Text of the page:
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P. R. E. F. A. C. E.
In the present volume are included “Up the Rhine,” with all the original illustrations, and a series of “Romances and Extravaganzas.” .
“ Up the Rhine” was completed at Ostend in 1889, and was published before Christmas in that year, with such marked success that a large edition was disposed of in less than a fortnight. The second was locked up in a lawsuit, in which HooD was successful, but the book was a sufferer. It is now reproduced, from a copy of the second edition, the preface to which is dated the 23d of January, 1840. “Jane is horrified,” Hood wrote about the time of its appearance, “at my sending out ‘Up the Rhine’; she says it contains so many quizzes on the Germans. But as you know, I quiz by preference my best friends, and it is in favor of the Germans that they can afford to be quizzed. It may seem a paradox, but only respectable people are quizzable; nobody dreams of quizzing good-for-nothings and blackguards: and if ‘age commands respect.' (you remember your copy-book,) so it commands quizzing.”
The “Romances and Extravaganzas” — excepting a few taken from the later volumes of the Comic Annual—first appeared in the New Monthly and in Hood's Magazine, during the latter years of the author's life. Among the latest is “Mrs. Peck's Pudding.” which was published in the Christmas number of the Magazine in 1844, and of which the children of Hood write, in their charming Memorials, that it afforded seasonable amusement at all firesides but its author’s. “His own family,” they add, “never enjoyed his quaint and humorous fancies, for they were all associated with memories of illness and anxiety. Although Hood's ‘Comic Annual,” as he himself used to remark with pleasure, was in every house seized upon, and almost worn out by the frequent handling of little fingers, his own children did not enjoy it till the lapse of many years had mercifully softened down some of the sad recollections connected with it. The only article that I can remember we ever really thoroughly enjoyed, was ‘Mrs. Gardiner, a Horticultural Romance,’ and even this was composed in bed. But the illness he was then suffering from was only rheumatic fever, and not one of his dangerous attacks, and he was unusually cheerful. He sat up in bed, dictating it to my mother, interrupted by our bursts of irrepressible laughter, as joke after joke came from his lips, he all the while laughing and relishing it as much as we did. But this was a rare — indeed almost solitary — instance; for he could not usually write so well at any time as at night, when all the house was quiet. Our family rejoicings were generally when the work was over, and we were too thankful to be rid of the harass and hurry, to care much for the results of such labor.”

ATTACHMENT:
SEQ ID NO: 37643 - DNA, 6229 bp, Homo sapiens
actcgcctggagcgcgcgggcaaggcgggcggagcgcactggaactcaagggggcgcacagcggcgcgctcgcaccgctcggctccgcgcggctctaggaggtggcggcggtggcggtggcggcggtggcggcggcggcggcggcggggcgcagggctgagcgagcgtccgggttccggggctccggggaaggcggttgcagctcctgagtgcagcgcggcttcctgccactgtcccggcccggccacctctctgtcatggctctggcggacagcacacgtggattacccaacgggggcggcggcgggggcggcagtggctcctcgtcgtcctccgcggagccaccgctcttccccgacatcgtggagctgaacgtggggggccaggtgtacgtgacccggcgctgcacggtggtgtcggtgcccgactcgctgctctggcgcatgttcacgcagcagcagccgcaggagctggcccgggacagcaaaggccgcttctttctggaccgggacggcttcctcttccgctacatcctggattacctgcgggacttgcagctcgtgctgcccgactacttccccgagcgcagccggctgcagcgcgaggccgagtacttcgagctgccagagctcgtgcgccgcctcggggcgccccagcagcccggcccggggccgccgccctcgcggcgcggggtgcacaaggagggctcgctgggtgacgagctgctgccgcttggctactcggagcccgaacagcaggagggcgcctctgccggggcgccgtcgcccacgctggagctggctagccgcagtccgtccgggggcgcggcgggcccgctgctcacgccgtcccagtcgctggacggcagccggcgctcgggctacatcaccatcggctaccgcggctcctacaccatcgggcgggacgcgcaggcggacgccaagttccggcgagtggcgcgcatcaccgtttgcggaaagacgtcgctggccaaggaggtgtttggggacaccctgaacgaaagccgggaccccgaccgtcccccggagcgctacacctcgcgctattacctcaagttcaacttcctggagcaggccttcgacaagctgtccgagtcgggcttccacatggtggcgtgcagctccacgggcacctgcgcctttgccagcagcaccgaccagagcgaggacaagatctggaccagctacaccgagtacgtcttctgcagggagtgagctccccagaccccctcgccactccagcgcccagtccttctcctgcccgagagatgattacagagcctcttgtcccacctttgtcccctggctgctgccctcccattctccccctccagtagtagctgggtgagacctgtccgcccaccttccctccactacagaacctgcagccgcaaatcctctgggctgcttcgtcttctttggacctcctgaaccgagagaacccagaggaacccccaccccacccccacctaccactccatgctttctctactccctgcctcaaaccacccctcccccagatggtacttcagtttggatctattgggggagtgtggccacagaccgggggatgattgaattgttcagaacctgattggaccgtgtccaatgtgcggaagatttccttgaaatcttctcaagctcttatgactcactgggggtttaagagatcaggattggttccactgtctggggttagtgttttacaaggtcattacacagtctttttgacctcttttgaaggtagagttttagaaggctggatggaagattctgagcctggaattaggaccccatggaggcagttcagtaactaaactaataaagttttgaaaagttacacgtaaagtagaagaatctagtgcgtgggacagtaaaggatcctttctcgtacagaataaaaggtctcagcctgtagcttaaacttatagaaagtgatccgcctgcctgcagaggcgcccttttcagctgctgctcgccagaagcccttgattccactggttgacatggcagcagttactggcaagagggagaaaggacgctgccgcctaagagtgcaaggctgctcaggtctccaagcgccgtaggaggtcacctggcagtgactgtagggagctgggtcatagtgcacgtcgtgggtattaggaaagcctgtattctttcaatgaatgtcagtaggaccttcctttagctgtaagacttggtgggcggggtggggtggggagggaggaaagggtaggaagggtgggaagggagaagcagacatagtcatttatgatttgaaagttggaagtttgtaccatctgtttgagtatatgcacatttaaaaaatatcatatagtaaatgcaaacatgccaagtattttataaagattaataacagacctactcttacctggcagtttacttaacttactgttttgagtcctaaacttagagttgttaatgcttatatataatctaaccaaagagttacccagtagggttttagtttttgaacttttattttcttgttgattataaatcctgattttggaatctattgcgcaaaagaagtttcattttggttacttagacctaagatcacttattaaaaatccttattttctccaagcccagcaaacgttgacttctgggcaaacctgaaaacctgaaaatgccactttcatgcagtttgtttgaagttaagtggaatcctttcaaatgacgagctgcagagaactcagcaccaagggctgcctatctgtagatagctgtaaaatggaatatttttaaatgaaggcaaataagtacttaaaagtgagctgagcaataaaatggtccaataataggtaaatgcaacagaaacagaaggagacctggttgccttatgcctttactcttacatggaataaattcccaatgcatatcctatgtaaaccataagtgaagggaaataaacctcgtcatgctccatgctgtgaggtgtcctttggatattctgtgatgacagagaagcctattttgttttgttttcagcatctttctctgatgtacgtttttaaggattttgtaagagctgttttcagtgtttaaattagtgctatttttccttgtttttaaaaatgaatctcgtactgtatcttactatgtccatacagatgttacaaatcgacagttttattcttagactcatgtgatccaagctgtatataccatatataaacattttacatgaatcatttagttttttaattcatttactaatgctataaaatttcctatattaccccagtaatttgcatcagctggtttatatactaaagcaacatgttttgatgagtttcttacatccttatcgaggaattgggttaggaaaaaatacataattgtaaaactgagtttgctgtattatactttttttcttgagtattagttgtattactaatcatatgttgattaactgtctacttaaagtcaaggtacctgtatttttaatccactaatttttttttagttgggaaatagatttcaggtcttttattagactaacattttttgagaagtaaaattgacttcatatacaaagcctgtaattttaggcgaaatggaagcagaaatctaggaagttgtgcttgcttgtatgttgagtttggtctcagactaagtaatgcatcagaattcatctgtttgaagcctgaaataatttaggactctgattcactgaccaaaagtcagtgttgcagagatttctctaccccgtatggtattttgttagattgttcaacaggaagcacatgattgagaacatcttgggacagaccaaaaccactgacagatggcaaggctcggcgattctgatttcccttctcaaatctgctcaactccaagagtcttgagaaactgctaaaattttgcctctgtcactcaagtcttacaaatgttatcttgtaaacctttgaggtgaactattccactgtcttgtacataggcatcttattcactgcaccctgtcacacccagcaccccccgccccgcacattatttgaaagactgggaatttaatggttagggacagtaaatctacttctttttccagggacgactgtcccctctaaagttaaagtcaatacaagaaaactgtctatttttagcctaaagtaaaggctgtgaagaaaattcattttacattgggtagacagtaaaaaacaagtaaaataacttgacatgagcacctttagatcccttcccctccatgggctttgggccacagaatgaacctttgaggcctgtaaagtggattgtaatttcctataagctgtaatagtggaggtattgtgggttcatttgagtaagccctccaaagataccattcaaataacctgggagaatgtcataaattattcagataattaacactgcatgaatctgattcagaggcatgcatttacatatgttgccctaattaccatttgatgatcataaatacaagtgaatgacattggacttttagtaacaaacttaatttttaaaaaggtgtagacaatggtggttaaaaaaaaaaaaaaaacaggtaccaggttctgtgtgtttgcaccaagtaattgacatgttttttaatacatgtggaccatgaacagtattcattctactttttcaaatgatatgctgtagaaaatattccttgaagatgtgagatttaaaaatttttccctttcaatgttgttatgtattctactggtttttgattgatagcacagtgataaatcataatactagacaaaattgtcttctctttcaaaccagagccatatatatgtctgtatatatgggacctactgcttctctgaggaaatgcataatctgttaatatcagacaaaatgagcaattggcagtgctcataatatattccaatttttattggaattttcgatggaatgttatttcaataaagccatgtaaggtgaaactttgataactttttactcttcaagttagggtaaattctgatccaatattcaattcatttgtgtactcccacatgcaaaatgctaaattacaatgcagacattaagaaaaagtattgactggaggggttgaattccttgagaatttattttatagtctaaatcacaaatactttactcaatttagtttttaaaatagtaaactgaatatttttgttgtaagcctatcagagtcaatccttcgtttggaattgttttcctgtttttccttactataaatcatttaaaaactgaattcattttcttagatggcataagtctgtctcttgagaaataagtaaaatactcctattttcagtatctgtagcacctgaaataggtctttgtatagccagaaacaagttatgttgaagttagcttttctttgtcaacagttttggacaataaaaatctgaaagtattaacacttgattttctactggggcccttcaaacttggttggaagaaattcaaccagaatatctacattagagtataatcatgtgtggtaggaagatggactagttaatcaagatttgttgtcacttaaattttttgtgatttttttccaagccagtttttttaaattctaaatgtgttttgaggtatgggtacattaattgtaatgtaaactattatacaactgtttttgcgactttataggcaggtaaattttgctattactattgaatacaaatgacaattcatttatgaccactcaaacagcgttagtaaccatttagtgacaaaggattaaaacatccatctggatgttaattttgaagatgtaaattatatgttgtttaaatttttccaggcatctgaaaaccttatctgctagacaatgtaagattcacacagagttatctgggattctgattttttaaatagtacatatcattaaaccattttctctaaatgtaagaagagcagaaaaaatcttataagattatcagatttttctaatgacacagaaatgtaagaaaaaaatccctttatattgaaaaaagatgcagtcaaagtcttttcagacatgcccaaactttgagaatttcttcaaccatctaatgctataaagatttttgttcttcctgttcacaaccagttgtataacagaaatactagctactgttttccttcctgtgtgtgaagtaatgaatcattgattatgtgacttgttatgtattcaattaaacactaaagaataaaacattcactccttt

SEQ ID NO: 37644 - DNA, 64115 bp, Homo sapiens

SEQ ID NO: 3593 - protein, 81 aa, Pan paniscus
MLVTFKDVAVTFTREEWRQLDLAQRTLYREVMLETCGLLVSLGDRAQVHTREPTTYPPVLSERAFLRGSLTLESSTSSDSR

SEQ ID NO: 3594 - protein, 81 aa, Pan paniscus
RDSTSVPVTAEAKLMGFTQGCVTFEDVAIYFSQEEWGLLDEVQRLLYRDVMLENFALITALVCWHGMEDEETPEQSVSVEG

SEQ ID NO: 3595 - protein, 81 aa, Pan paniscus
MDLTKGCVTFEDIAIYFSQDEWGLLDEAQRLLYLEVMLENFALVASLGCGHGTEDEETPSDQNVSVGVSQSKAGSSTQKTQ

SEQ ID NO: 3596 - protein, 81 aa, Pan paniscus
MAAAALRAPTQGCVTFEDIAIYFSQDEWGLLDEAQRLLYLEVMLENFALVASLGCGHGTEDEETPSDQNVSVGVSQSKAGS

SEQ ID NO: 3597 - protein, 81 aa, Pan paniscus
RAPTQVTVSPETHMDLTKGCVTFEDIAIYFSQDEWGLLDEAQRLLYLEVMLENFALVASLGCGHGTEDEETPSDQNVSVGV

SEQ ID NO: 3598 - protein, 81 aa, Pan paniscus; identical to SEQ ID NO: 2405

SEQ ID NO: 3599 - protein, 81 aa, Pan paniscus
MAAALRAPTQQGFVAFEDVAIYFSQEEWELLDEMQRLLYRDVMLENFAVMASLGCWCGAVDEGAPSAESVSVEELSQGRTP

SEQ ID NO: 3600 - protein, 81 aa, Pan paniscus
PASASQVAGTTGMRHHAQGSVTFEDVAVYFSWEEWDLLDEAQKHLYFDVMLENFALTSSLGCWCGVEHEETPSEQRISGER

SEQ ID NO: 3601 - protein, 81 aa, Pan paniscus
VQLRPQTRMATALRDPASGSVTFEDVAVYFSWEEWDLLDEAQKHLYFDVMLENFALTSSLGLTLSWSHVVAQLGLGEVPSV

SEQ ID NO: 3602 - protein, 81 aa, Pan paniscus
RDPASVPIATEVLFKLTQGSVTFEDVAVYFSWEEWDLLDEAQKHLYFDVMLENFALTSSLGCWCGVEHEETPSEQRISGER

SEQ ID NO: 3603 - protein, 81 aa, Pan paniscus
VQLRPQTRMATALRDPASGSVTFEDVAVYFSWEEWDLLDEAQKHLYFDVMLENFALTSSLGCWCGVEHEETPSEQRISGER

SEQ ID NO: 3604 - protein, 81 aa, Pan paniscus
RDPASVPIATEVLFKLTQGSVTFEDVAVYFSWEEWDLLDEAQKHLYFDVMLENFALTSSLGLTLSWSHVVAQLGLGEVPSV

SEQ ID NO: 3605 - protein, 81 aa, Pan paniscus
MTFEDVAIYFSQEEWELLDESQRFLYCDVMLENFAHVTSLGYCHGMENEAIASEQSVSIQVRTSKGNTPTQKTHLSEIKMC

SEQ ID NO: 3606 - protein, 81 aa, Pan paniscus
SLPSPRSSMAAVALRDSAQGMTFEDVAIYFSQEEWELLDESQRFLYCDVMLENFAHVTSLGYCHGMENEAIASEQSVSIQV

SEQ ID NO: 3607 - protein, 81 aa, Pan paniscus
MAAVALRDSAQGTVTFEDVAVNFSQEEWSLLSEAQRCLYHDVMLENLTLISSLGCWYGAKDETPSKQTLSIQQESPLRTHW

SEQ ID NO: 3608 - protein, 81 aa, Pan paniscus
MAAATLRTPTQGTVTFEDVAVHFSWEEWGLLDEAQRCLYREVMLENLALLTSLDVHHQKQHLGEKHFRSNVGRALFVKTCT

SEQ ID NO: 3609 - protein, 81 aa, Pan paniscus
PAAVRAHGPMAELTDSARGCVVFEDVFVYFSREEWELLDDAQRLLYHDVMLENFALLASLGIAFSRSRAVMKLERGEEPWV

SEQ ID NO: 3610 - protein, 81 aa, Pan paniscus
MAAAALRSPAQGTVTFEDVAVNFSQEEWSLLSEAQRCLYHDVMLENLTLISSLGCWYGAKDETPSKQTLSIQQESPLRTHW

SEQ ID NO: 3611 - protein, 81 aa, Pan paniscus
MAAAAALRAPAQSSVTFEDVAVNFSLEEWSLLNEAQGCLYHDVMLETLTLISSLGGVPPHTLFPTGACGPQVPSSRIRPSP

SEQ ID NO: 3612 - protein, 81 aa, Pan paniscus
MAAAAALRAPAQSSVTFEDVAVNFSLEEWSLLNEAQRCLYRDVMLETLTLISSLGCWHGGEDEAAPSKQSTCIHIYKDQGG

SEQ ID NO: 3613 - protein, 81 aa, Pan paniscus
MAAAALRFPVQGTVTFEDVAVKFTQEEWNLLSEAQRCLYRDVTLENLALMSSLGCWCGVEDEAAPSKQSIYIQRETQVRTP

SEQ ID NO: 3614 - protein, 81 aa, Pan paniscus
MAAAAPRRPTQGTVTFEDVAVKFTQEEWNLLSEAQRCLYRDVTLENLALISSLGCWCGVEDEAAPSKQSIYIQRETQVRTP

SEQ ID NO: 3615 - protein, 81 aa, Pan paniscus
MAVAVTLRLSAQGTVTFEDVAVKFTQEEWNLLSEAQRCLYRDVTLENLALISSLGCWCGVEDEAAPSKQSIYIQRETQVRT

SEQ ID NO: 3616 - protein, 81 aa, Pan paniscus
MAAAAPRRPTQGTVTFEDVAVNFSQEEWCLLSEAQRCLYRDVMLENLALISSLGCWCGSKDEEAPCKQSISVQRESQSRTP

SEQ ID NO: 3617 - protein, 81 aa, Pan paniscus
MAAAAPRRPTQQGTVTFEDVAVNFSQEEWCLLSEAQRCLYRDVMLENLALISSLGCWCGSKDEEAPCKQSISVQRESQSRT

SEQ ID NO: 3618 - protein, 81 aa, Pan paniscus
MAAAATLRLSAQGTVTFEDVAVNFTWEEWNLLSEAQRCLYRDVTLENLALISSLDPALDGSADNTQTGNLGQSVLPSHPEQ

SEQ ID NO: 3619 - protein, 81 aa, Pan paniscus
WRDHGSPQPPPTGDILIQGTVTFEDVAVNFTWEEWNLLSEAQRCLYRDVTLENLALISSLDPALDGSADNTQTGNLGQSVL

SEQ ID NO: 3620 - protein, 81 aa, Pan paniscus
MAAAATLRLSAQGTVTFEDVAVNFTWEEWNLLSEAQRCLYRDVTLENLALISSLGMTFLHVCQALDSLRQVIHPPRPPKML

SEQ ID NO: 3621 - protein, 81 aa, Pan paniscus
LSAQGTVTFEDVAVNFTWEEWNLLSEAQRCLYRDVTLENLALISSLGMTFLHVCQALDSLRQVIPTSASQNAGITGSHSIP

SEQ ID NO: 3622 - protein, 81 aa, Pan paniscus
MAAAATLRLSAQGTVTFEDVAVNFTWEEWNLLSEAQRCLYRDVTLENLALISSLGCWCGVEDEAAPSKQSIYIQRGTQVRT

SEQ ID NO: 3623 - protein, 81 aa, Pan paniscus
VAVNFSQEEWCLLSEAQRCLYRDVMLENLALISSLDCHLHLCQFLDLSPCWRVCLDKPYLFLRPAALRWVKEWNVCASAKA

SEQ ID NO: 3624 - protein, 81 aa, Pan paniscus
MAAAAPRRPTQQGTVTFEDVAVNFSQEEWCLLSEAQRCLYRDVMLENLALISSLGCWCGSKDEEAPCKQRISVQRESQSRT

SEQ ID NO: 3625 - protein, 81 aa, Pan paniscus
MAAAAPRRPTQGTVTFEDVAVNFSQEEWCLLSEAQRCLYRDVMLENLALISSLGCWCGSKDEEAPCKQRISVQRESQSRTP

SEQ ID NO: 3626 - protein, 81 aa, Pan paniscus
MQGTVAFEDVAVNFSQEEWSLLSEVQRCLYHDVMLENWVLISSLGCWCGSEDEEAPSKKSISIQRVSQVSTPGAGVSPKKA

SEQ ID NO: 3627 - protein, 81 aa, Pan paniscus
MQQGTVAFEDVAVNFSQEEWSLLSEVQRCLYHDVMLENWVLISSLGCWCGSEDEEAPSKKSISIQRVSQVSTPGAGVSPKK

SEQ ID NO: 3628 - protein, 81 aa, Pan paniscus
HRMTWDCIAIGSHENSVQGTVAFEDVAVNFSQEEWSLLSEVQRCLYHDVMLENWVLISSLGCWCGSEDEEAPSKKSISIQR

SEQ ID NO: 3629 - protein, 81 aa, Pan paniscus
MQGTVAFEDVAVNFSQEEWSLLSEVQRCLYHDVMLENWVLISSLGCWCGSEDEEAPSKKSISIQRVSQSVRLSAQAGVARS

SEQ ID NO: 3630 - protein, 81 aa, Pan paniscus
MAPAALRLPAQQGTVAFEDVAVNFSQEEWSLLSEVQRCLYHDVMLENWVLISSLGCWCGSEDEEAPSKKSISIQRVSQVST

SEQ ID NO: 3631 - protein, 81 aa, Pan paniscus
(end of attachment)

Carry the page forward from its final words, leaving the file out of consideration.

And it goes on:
His son writes that he believes this last-named story the most humorous production of the author, and that the heroine was a ludicrous pen-and-ink portrait of a landlady with whom the family lodged in the Elm Tree Road.
We trust that both these stories, with the many equally entertaining in this new collection, will long continue to furnish to new readers, not merely Christmas amusement, but amusement for “all the year round.”